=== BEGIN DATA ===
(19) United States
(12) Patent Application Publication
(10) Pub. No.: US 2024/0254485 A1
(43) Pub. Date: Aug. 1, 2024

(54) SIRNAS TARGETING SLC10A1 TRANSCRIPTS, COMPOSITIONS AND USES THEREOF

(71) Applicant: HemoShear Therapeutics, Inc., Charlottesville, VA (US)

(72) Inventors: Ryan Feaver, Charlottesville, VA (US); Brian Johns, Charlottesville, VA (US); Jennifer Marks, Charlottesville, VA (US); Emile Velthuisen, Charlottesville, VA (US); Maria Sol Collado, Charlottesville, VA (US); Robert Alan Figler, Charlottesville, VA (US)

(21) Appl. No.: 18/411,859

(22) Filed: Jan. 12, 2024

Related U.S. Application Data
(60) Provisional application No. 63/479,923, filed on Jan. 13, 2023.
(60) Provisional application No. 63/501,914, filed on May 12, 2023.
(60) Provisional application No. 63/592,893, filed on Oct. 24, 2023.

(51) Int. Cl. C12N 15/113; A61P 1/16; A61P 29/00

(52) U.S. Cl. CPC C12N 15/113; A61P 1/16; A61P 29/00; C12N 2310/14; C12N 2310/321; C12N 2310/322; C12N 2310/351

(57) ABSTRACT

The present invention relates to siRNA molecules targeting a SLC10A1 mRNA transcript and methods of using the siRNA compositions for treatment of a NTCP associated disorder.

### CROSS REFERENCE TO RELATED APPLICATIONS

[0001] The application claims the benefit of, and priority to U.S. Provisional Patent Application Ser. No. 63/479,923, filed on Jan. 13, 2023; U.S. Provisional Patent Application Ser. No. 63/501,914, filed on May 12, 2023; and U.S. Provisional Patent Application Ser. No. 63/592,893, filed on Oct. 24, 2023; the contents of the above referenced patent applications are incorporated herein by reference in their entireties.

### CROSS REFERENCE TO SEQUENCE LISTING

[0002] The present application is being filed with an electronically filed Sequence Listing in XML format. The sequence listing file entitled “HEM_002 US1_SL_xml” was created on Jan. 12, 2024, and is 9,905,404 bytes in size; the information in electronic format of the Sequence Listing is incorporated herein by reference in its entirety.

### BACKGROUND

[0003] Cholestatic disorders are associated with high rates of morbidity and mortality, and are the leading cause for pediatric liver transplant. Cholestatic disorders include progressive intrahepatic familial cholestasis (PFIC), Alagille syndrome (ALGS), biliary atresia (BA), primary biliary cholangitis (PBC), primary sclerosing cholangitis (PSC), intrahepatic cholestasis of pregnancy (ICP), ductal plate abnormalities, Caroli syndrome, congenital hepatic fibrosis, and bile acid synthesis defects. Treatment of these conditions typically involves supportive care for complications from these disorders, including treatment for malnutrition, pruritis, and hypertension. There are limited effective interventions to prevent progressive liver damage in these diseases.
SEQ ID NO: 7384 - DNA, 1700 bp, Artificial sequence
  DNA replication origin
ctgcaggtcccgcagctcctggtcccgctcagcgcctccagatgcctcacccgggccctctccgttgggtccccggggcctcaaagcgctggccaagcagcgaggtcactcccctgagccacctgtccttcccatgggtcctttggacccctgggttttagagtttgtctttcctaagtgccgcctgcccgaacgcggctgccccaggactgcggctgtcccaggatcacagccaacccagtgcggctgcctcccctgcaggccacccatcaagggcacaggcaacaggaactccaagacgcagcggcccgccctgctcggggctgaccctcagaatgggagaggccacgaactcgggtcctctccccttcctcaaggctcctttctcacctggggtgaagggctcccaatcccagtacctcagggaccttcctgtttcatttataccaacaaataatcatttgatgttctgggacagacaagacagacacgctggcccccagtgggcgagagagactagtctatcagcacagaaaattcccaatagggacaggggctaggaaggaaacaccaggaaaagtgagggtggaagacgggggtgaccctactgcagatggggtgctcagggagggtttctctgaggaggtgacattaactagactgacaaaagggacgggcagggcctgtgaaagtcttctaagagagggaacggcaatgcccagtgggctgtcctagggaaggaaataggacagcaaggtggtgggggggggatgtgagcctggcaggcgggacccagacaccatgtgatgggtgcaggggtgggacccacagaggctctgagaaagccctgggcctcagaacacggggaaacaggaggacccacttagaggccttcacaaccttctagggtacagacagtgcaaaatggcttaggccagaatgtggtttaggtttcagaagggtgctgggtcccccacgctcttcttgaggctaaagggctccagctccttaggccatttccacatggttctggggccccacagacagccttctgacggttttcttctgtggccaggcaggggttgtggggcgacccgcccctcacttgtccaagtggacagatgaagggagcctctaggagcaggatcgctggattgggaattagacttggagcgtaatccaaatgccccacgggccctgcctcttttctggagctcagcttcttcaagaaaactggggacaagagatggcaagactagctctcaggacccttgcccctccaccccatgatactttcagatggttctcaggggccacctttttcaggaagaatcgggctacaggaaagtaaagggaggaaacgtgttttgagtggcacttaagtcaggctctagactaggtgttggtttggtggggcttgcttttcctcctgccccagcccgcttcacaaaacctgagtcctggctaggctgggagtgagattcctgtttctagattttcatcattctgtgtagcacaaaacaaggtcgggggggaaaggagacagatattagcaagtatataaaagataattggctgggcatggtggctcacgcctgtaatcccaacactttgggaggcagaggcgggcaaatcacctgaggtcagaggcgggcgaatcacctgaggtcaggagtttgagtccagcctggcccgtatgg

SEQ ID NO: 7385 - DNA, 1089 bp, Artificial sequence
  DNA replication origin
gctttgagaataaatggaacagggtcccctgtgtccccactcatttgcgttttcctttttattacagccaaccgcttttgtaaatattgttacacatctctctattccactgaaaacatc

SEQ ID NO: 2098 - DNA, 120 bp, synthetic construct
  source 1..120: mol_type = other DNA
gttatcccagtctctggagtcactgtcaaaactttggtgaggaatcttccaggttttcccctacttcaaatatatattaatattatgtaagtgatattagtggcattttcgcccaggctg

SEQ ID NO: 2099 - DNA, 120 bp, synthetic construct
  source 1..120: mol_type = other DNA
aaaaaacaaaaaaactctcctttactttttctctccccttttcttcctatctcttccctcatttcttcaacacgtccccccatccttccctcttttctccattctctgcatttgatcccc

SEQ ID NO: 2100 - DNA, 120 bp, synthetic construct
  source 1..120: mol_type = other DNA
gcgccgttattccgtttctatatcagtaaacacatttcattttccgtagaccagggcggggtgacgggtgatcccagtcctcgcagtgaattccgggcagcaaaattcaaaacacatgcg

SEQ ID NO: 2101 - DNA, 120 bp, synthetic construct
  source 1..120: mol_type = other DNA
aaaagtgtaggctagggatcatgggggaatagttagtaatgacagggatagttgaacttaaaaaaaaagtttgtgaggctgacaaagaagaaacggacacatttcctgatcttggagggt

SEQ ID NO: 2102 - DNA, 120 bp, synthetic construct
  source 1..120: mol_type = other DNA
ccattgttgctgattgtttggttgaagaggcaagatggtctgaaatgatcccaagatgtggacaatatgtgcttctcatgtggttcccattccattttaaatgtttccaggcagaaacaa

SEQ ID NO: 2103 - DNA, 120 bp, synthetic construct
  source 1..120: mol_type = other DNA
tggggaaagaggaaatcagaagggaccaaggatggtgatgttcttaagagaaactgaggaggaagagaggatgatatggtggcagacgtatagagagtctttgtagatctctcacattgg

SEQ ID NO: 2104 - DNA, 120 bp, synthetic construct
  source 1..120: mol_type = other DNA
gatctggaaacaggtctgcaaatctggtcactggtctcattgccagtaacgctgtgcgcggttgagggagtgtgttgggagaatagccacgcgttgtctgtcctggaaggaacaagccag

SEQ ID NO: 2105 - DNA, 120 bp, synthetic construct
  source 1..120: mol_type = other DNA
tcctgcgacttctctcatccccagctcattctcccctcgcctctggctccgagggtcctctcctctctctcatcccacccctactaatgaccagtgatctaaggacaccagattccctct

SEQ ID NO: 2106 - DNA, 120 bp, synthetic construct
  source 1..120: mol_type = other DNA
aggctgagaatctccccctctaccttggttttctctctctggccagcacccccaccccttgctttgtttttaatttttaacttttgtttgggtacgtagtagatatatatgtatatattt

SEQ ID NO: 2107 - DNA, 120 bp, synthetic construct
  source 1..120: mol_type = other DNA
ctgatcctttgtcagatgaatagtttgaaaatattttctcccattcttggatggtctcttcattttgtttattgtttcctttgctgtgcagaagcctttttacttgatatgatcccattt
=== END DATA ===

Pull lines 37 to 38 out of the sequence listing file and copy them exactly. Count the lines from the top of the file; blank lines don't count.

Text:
  source 1..120: mol_type = other DNA
gcgccgttattccgtttctatatcagtaaacacatttcattttccgtagaccagggcggggtgacgggtgatcccagtcctcgcagtgaattccgggcagcaaaattcaaaacacatgcg